Date of Graduation

Spring 2012

Degree

Master of Science in Applied Anthropology

Department

Sociology and Anthropology

Committee Chair

Elizabeth Sobel

Keywords

historical archaeology, geophysics, electrical resistivity, Nathan Boone, cultural resource management

Subject Categories

Anthropology

Abstract

The Nathan Boone Homestead State Historic Site (NBHSHS) was established in 1991 upon acquisition of the property by the state of Missouri. The site is located approximately two miles north of Ash Grove in the Ozarks region of southwest Missouri, and was the home of Nathan Boone (youngest son of Daniel Boone), his family, their slaves, and their decedents from the 1830s to about 1900. The Boone house, which still stands, is the focus of NBHSHS interpretation. However, a lack of archaeological information hinders protection of archaeological deposits in the cabin area. This study helps solve that problem by using electrical resistivity surveys to identify sub-surface archaeological deposits in the cabin area at the NBHSHS. To delineate subsurface deposits, I used two different electrical resistivity methods. First, a Geoscan RM15 resistivity meter was used to survey twenty-eight grids in areas with a high potential for archaeological deposits. Examinations of the electrical resistivity data detected high and low resistivity anomalies in the cabin area. Then a multi-electrode electrical resistivity system was used to examine a portion of the survey area at greater depth. The results confirmed the presence of anomalies identified with the RM15, and revealed additional anomalies. These results will help site managers effectively manage archaeological deposits in the cabin area. In addition, these findings demonstrate the value of electrical resistivity in Ozarks archaeology.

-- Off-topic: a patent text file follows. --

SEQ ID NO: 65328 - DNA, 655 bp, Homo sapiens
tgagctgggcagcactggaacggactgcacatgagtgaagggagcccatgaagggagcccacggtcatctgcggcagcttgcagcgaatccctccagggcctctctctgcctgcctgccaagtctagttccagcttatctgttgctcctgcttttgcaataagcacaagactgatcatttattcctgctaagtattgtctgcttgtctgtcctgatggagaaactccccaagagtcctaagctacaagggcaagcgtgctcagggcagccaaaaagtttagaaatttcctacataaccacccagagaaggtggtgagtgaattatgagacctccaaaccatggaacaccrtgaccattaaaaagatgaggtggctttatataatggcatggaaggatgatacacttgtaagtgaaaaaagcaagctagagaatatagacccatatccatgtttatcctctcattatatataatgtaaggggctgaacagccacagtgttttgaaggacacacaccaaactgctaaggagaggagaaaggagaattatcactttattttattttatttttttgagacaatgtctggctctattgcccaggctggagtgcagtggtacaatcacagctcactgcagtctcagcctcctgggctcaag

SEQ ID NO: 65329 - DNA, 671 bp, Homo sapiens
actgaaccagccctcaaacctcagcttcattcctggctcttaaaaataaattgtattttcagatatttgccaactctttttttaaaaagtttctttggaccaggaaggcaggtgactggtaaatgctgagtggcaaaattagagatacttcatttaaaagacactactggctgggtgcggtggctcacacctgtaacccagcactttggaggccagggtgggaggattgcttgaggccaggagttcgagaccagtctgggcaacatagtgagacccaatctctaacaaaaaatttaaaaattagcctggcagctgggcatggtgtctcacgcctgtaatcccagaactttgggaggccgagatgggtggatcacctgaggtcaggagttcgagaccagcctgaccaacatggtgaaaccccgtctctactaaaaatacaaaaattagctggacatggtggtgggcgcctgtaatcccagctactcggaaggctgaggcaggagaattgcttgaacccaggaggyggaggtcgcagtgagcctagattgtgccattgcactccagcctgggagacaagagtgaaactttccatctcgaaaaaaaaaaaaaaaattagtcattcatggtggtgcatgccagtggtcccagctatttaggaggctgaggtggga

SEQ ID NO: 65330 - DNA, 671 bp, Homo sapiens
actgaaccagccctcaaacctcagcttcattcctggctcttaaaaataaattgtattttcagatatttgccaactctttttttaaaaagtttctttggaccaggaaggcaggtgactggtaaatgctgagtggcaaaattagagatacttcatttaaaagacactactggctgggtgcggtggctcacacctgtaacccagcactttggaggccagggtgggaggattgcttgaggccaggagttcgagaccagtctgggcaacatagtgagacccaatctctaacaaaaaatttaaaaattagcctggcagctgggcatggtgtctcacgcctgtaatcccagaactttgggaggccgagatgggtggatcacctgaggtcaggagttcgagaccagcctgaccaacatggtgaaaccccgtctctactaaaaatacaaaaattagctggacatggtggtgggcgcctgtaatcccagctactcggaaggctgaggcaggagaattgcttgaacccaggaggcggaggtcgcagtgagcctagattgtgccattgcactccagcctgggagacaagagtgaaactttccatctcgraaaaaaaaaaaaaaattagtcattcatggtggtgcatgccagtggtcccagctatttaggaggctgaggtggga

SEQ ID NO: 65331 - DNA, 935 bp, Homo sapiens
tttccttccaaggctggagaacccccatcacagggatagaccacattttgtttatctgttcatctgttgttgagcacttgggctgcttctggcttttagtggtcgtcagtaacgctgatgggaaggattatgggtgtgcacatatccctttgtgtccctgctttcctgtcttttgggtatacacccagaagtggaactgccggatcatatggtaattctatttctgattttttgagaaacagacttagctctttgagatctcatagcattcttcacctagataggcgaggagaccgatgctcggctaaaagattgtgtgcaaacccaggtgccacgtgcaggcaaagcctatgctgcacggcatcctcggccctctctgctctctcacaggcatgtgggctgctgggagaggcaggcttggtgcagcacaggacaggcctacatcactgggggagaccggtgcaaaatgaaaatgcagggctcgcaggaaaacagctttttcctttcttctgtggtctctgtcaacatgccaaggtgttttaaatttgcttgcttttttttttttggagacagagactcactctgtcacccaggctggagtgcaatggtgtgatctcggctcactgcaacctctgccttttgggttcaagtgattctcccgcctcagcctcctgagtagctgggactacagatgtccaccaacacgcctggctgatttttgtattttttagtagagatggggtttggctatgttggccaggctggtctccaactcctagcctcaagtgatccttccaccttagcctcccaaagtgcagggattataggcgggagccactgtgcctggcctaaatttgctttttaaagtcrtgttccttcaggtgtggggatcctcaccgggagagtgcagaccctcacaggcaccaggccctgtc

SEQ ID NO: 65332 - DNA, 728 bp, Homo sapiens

Copyright

© Abraham Ledezma Martinez

Campus Only

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